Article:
Bach leads Tokyo classical festival


“I told myself to combine the study of commerce and my passion for music,” says French producer Rene Martin, who has built on those foundations to pursue his vision of democratizing classical music through the annual spectacular he’s named La Folle Journee (Days of Enthusiasm).

Since 1995, when Martin launched the event in his hometown of Nantes, northwest France, it has delighted millions by offering first-class performances at surprisingly low prices.

The LFJ concept has been re-created in Lisbon since 2000; in Bilbao, Spain since 2002; in Tokyo since 2005; in Rio de Janeiro since 2007; and in Kanazawa, Japan, since last year.

Though Martin enjoyed jazz and rock as a teenager, his awakening to classical music came through American jazz bassist Charles Mingus (1922-79) — his idol. On reading Mingus’ biography, young Martin learned that the musician had heard on the radio a string-quartet piece composed by Bela Bartok (1881-1945) on his deathbed in hospital.

“Mingus said, ‘That’s the music I have sought all my life.’ The next day, I bought a CD of Bartok,” Martin recounts. “For me, that was the revelation; that was my (first) encounter with classical music. Bartok’s music is generally considered complicated, but for a listener to modern jazz, it was not at all difficult.”

He then became more absorbed in classical music, learning its history, theory and analysis at a regional conservatoire, while also studying business administration. His future path in life was almost fixed in his 20s when he decide to connect these two fields.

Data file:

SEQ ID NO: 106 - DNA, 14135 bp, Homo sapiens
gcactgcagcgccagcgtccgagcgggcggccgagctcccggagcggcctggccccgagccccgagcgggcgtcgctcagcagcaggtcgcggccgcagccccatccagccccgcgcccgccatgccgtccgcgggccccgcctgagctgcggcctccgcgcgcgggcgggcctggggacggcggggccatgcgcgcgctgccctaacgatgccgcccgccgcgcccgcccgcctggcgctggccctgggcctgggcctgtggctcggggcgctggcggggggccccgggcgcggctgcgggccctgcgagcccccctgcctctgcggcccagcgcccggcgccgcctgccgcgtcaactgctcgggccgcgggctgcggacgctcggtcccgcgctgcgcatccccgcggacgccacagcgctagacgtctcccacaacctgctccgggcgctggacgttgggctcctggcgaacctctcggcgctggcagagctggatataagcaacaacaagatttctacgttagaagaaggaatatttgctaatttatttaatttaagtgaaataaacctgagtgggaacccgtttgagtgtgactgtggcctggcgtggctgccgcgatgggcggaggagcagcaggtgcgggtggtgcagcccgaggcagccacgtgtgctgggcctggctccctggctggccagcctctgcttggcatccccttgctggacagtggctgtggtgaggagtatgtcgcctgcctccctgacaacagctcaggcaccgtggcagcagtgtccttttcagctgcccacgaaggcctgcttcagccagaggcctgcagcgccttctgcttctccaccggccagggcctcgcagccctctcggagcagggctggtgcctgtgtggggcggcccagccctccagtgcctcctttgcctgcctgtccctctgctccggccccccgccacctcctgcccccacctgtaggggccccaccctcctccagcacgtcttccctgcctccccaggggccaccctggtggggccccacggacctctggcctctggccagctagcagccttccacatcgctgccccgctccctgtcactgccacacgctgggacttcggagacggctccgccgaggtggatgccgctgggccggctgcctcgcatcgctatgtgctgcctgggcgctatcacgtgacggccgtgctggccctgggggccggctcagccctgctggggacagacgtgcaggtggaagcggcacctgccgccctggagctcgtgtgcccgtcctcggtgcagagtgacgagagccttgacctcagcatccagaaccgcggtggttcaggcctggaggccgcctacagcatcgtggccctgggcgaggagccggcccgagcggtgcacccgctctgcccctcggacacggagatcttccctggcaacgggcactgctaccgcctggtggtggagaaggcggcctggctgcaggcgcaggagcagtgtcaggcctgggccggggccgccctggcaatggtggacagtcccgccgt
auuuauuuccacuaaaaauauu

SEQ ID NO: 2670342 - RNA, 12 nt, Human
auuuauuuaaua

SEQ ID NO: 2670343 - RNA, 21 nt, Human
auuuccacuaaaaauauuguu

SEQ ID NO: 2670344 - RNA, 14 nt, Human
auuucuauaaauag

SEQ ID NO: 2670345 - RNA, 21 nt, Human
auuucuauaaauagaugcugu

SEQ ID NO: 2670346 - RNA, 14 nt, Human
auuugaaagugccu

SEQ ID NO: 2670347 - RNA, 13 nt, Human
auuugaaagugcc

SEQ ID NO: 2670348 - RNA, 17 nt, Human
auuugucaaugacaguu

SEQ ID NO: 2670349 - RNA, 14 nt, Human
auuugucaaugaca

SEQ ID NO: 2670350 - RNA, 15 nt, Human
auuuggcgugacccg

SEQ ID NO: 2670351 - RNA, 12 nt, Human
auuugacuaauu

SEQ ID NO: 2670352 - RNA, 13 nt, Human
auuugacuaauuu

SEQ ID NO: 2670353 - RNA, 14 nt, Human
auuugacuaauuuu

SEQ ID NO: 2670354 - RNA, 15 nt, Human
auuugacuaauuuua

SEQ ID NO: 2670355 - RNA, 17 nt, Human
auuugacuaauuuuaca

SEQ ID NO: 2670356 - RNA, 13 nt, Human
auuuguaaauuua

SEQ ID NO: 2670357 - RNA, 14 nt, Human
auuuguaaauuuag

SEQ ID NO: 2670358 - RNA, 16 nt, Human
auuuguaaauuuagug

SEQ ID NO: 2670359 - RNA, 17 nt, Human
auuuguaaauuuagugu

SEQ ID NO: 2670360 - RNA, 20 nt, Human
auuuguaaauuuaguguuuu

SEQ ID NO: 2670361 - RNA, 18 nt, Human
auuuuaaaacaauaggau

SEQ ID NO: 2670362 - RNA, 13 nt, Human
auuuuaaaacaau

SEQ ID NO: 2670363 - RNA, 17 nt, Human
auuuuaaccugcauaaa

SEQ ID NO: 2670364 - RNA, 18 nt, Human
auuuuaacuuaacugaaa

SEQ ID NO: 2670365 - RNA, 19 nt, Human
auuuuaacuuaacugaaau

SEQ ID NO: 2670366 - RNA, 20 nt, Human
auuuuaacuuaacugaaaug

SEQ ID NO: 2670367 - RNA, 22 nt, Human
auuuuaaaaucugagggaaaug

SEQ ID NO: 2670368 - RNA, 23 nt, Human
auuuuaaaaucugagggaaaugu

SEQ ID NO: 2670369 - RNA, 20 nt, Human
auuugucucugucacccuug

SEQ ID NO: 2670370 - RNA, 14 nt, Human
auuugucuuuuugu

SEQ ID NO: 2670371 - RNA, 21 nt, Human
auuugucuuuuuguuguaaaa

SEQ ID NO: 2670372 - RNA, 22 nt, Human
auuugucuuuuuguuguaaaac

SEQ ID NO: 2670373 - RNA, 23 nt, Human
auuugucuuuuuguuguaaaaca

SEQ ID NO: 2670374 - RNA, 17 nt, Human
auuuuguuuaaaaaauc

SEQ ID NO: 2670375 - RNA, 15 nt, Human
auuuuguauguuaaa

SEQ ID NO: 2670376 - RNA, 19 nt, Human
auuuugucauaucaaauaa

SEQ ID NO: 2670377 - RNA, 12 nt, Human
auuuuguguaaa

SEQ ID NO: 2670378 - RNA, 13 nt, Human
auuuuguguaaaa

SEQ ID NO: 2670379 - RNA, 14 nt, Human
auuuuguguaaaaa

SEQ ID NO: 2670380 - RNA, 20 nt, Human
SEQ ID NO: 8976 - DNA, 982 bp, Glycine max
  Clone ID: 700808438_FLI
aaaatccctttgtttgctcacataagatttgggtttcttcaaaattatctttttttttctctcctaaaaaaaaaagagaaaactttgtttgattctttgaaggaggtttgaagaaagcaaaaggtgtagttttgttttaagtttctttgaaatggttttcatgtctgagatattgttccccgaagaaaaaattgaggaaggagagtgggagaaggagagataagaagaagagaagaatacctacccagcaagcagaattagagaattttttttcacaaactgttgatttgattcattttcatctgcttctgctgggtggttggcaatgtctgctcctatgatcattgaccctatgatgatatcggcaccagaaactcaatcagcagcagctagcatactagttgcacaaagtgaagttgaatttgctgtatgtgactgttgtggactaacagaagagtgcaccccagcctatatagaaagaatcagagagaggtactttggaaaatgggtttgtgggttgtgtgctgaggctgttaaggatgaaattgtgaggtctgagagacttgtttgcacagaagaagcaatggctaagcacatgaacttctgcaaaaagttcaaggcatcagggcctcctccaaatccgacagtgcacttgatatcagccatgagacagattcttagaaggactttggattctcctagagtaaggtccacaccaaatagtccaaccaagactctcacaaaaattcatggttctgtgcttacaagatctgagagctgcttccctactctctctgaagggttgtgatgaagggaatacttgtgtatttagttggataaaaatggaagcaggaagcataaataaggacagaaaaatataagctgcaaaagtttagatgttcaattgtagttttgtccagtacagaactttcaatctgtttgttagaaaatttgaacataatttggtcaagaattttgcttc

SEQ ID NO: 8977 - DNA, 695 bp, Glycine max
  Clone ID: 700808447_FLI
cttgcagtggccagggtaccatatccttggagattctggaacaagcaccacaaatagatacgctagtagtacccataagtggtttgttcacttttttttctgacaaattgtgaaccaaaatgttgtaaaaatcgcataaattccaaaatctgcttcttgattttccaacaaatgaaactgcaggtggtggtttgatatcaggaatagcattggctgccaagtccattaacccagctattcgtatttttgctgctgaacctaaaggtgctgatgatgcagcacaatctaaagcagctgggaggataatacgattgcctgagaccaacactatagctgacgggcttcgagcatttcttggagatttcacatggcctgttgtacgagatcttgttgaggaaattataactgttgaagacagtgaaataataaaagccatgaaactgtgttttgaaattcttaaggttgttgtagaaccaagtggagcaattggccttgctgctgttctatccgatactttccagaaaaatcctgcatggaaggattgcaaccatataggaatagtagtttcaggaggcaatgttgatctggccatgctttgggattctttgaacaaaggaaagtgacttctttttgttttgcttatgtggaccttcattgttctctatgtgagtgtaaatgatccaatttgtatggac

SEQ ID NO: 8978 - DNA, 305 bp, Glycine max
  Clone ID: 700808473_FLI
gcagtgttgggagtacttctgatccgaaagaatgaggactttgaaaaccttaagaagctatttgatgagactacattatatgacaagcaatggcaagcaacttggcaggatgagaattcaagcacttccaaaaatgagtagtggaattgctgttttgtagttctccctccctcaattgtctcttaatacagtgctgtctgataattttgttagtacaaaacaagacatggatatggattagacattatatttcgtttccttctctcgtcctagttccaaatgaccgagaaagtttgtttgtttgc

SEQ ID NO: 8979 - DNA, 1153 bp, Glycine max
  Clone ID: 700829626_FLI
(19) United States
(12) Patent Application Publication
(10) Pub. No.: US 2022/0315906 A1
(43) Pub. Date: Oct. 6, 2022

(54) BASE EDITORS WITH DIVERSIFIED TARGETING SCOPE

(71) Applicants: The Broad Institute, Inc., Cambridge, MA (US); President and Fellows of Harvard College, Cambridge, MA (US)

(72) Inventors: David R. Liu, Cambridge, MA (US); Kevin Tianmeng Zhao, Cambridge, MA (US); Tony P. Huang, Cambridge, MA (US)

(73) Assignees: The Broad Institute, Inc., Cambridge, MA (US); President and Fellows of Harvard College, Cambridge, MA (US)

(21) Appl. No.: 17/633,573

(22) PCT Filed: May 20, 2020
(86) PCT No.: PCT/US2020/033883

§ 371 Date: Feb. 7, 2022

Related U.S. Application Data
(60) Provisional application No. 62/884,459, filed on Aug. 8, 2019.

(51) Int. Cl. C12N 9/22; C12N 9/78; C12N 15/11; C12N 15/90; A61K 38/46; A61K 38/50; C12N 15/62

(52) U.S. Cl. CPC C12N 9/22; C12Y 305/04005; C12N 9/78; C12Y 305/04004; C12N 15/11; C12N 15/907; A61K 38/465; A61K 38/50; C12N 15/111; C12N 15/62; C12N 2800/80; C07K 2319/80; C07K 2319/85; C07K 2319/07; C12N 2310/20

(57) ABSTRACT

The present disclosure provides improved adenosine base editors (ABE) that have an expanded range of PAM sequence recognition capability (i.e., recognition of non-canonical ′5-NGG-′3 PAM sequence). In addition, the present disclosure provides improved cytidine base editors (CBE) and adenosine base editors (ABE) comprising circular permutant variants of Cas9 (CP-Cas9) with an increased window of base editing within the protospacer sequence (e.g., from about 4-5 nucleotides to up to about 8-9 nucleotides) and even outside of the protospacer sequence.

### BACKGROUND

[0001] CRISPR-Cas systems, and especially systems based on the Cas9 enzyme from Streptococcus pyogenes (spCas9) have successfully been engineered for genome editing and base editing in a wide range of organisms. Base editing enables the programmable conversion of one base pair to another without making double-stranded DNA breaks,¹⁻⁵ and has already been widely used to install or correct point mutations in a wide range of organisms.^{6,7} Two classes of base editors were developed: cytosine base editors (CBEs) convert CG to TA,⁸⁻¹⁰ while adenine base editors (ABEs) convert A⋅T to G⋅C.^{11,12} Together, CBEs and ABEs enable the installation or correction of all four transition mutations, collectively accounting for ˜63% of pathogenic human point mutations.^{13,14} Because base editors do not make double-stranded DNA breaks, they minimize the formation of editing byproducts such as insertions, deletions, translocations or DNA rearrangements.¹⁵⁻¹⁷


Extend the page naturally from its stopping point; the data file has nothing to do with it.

“But I never imagined that I would organize LFJ in Tokyo 30 years later,” smiles Martin, who now produces around 1,300 concerts around the world every year.

The festival at the Tokyo International Forum and venues around the city’s Marunouchi district has been held annually under the title La Folle Journee au Japon since 2005 and spans the Golden Week holiday in May.

This year, some 300 concerts and related programs will take place from 9 a.m. to 11 p.m. in TIF’s halls from May 3 to 5, and in the surrounding Marunouchi area from April 28 to May 5.

Most performances are set to last about 45 minutes. The shorter concert time aims to ensure that beginners aren’t overwhelmed, as well as giving established fans an opportunity to enjoy a wider sampling. The price per concert varies between ¥1,500 and ¥4,000, and this year some programs have tickets priced at ¥500 for teenagers.

The event is subsidized partly by sponsorship, despite the current climate.

“Although recent economic conditions caused decline in sponsorship, we have found ways to reduce the festival from five days to three days,” says Junko Suzuki, executive producer from the TIF.

Another reason it’s possible to provide such cheap tickets is because artists voluntarily lower their performance fees in order to support Martin’s philosophy.

The theme of this year’s LFJ au Japon will be “Bach and Europe.” That’s because Johann Sebastian Bach (1685-1750) — the German often dubbed the “father of music” — is the composer most requested in questionnaire surveys of visitors to past LFJ events.